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L train shutdown alternatives: Advocates optimistic that city, state will deliver

Transit advocats consindering the L train shutdown say

Transit advocats consindering the L train shutdown say they're hopeful that state and city officials will provide substansive transportation alternatives. Above, a passengers walks past a Brooklyn-bound L train at the Bedford Station in Brooklyn on Monday, July 25, 2016. Photo Credit: Charles Eckert

Despite a week of jabs, transit advocates are confident that the city and the state-run MTA will collaborate to bring substantive alternatives to the L train during its impending shutdown in 2019.

“I’m optimistic. Everybody recognizes the serious hardship for riders ahead,” said Nick Sifuentes, Deputy Director of the Riders Alliance, “and the cooperation needed to help.”

The MTA announced last week that it had decided between two shutdown options to make critical Hurricane Sandy-related repairs to the train’s Canarsie Tunnel. A 36-month closure that maintained 20% of L service was nixed in favor of an 18-month service shutdown to and through Manhattan.

After months of deliberation among the public, the agency said that riders preferred the 18-month option—an approach that would also give the MTA the least operational challenges, according to the agency.

But shortly after the decision, Deputy Mayor Anthony Shorris issued a statement criticizing the MTA for not finalizing commute alternatives ahead of the announcement. Mayor Bill de Blasio took the baton on WNYC’s The Brian Lehrer Show Friday.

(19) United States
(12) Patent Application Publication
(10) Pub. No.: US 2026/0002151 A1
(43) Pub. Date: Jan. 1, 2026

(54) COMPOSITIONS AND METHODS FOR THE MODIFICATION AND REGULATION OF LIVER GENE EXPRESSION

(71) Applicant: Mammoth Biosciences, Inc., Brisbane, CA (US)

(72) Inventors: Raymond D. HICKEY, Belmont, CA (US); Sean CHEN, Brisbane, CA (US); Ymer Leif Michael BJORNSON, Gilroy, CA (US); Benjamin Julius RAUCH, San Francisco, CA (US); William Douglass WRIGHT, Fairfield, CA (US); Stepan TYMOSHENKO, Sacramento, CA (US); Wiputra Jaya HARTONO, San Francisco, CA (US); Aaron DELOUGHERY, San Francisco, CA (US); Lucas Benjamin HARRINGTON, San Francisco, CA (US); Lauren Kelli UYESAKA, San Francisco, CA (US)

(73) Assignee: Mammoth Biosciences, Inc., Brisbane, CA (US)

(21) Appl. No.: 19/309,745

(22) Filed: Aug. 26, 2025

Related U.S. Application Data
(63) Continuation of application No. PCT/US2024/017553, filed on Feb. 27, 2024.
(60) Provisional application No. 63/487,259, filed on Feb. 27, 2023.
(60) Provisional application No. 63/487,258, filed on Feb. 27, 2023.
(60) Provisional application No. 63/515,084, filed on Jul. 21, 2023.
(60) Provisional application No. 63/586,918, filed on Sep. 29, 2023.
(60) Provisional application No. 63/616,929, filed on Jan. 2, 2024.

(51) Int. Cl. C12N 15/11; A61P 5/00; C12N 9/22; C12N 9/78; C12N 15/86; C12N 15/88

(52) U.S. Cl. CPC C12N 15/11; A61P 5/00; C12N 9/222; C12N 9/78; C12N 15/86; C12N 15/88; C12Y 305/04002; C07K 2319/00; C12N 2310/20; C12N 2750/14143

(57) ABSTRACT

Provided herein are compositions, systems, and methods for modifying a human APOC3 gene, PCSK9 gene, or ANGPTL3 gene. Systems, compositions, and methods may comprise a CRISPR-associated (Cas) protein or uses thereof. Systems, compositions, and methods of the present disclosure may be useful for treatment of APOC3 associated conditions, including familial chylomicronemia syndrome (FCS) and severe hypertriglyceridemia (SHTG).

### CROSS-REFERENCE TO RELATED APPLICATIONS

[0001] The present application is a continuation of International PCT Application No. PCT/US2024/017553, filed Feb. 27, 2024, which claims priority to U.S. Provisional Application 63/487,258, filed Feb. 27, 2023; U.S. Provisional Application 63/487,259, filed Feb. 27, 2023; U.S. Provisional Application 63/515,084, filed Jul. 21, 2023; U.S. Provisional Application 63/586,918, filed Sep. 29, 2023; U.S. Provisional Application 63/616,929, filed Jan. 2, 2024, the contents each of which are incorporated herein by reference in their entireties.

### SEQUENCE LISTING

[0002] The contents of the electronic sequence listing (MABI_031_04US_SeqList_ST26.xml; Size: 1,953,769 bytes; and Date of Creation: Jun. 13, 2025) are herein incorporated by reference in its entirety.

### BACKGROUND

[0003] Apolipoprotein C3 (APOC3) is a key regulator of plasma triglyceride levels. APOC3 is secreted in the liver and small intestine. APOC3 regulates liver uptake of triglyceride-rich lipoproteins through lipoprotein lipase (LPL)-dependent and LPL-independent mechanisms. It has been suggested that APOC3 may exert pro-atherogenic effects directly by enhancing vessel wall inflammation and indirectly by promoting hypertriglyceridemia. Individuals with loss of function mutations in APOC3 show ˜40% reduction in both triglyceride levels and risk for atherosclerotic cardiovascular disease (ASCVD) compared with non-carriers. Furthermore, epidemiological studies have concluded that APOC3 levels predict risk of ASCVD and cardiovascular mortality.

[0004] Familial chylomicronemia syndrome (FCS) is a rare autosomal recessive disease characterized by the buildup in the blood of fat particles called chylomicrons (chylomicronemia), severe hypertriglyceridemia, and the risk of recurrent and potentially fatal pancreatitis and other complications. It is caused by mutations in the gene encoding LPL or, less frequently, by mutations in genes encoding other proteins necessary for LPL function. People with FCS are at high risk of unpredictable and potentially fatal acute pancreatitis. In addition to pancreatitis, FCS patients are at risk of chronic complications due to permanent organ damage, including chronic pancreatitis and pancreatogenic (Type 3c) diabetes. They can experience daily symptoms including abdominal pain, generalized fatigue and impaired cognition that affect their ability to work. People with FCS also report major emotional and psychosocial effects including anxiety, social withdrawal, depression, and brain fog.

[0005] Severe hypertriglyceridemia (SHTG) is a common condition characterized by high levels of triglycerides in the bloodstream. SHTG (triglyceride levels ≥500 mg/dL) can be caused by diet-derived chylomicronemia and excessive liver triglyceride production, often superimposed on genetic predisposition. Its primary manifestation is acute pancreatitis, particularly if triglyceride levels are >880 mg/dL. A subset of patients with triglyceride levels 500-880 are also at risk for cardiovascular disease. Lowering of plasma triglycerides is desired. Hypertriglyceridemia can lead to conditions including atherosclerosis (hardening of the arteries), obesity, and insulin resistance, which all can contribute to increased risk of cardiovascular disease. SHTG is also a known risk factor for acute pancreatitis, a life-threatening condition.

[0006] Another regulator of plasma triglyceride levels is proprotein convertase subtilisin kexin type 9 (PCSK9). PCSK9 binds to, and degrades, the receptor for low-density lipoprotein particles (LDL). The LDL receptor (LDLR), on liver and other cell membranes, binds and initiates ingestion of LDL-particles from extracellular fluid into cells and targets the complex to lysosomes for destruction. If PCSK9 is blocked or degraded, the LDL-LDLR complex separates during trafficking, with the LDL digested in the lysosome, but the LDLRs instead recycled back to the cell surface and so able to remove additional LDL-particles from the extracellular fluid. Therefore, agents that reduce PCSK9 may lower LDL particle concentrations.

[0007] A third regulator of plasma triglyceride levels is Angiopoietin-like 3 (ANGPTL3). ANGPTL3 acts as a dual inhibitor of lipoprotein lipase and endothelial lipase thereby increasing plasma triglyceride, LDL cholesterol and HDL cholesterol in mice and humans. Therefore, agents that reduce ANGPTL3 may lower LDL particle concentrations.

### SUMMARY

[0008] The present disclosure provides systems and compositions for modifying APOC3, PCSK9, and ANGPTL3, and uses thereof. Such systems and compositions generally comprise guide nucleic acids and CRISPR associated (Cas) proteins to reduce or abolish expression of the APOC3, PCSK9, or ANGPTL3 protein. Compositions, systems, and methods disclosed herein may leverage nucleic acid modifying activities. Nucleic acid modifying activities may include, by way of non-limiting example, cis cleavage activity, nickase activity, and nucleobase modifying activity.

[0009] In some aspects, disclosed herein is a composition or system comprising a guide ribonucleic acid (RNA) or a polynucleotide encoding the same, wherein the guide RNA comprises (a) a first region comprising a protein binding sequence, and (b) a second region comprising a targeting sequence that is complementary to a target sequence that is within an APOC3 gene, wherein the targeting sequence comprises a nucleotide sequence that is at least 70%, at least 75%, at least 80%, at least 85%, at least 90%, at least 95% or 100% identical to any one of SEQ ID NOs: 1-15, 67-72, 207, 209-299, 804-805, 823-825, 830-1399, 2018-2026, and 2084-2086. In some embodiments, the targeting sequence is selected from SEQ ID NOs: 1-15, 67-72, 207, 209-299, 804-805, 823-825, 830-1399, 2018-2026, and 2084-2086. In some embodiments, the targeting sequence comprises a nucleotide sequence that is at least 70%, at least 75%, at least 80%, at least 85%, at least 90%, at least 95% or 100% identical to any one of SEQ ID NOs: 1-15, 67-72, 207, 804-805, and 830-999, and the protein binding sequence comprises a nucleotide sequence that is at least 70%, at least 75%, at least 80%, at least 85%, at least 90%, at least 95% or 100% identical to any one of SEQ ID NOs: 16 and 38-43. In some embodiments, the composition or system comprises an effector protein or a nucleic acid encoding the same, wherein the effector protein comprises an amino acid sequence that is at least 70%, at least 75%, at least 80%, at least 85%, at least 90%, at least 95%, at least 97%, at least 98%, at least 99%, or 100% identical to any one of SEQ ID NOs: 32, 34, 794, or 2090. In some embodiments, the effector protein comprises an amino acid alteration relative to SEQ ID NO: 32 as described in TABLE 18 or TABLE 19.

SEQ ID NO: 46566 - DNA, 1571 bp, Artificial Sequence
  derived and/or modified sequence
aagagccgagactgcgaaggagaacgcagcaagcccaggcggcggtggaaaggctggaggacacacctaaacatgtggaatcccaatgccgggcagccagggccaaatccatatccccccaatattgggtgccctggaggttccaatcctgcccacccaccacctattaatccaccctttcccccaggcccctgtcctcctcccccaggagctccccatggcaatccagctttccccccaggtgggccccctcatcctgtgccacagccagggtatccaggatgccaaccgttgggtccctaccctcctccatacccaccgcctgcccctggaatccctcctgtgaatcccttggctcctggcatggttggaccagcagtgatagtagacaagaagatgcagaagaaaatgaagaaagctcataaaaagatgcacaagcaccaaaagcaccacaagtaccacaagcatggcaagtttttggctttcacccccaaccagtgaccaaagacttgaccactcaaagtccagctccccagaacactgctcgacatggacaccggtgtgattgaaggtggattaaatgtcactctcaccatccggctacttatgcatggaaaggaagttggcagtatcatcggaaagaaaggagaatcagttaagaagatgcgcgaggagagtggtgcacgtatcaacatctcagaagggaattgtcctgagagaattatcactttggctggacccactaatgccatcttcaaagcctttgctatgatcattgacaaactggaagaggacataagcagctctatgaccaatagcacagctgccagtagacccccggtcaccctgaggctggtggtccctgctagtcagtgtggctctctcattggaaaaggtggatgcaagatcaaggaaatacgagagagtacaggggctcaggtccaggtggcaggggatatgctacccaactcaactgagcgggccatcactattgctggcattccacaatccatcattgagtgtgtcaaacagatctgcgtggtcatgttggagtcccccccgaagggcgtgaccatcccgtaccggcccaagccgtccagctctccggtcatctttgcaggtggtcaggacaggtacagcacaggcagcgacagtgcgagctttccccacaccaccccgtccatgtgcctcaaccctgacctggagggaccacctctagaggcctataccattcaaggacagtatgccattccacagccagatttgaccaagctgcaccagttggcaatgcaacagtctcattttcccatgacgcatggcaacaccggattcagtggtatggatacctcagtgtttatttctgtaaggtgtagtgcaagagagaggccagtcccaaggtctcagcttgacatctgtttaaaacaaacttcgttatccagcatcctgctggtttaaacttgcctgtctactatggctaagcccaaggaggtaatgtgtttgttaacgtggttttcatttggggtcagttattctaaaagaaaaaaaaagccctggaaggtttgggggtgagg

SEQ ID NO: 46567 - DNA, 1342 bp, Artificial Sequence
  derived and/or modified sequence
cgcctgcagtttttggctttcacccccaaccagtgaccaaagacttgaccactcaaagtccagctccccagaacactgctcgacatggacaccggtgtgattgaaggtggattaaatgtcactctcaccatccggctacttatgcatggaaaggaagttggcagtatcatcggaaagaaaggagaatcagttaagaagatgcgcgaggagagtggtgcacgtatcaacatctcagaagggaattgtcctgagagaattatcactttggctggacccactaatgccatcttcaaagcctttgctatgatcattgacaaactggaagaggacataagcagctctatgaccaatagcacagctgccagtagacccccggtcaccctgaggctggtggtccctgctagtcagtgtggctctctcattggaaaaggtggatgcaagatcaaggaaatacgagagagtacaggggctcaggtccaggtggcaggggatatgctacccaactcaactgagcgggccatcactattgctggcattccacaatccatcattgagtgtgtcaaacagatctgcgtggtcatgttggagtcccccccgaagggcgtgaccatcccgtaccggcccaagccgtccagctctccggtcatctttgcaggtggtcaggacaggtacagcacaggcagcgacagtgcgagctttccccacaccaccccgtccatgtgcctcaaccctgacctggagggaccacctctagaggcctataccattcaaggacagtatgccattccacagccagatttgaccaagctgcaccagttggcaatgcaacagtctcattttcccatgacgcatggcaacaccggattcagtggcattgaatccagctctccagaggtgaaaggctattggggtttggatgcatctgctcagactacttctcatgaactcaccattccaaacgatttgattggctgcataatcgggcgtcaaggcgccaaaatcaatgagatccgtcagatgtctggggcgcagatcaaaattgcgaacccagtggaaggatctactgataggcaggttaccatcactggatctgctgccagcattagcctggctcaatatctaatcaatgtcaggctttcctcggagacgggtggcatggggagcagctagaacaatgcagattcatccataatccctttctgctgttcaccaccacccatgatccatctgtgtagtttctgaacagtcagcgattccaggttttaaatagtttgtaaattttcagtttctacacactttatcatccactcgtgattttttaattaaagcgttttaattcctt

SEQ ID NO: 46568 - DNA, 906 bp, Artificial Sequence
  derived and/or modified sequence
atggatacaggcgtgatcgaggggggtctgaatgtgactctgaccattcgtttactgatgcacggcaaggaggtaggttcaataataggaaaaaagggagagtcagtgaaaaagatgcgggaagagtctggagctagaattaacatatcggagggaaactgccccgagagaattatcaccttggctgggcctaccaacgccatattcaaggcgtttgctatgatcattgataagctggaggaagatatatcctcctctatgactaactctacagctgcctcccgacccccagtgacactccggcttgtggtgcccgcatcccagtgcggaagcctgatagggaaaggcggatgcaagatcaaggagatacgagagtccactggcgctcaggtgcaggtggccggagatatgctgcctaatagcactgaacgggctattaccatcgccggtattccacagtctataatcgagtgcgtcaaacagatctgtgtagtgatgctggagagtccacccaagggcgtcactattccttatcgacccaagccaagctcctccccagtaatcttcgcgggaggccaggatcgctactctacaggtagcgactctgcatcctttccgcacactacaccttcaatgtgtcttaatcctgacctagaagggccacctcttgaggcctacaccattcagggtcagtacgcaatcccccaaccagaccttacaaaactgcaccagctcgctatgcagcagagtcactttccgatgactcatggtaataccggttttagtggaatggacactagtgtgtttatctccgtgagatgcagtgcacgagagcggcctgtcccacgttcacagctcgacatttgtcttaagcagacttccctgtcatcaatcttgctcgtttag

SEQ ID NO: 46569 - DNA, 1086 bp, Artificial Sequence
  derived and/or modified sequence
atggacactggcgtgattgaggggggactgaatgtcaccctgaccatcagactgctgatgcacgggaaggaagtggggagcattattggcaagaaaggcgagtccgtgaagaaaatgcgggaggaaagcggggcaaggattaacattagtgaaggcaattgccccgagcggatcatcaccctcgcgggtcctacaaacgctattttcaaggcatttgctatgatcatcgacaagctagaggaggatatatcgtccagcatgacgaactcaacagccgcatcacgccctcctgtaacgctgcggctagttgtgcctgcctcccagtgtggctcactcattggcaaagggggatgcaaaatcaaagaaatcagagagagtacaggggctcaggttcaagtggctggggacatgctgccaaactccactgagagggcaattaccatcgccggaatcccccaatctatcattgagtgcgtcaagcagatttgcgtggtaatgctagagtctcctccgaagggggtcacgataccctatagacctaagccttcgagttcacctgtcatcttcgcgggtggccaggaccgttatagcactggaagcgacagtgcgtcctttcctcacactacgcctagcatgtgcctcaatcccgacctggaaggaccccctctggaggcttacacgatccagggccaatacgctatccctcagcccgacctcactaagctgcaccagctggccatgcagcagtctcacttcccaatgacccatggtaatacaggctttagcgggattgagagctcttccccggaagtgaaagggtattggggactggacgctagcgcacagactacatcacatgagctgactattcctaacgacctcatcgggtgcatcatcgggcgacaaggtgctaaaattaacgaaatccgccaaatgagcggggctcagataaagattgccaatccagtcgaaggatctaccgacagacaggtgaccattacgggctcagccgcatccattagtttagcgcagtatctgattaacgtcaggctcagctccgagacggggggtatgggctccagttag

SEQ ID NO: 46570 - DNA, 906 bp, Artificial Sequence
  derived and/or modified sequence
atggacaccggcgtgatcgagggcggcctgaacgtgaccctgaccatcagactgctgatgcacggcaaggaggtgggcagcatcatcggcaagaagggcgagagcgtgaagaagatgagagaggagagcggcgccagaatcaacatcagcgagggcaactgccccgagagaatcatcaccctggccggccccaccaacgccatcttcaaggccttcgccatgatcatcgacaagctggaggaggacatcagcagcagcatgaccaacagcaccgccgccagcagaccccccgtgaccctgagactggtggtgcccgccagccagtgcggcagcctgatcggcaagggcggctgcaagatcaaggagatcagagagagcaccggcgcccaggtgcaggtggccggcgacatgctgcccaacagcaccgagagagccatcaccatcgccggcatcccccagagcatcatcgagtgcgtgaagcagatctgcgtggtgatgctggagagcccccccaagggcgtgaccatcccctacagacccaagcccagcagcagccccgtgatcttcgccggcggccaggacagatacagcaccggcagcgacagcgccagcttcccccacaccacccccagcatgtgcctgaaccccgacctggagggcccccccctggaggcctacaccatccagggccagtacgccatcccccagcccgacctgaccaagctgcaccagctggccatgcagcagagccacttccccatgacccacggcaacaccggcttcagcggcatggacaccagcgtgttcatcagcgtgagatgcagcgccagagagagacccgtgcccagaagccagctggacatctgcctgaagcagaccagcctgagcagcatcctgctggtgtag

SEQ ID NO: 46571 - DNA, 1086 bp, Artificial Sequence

“This decision—although I’m sure it has a practical, underlying rationale—announcing it without a plan to deal with the impact is troubling to me,” de Blasio said. “It’s a long time. And we’re certainly going to push hard to see—does it really have to be so long? Is there any other way to go about this?”

Beth DeFalco, MTA’s communication director, pushed back on Twitter that day. She wrote that the city’s Department of Transportation had been consulted about the decision before the MTA’s announcement. It “had no issues” and “raised no red flags,” she wrote.

“Why Now?” she asked, capping the Tweet with “#politics #pandering.”

De Blasio’s DOT and Gov. Andrew Cuomo’s MTA will have to work together to deliver many of the discussed L train service alternatives, like dedicated bus lanes over Williamsburg Bridge, more bike infrastructure or the conversion of the 14th Street into a busway.

“If businesses and residents are going to get through 18 months without the L train, both the MTA and the DOT must take extraordinary steps to keep passengers moving along its route,” said Manhattan Borough President Gale Brewer in a statement. “That has to include seriously considering some kind of closure of 14th Street to speed up crosstown bus service.”

De Blasio said on WNYC that he was open to exploring the idea.

“The mayor is in the driver’s seat and can put forth a blueprint for a true 21st century transit corridor,” said Paul Steely White, executive director at Transportaion Alternatives, on the group’s PeopleWay proposal for 14th Street. “The governor may control the subway and buses, but the mayor is the one who could turn lemons into lemonade.”


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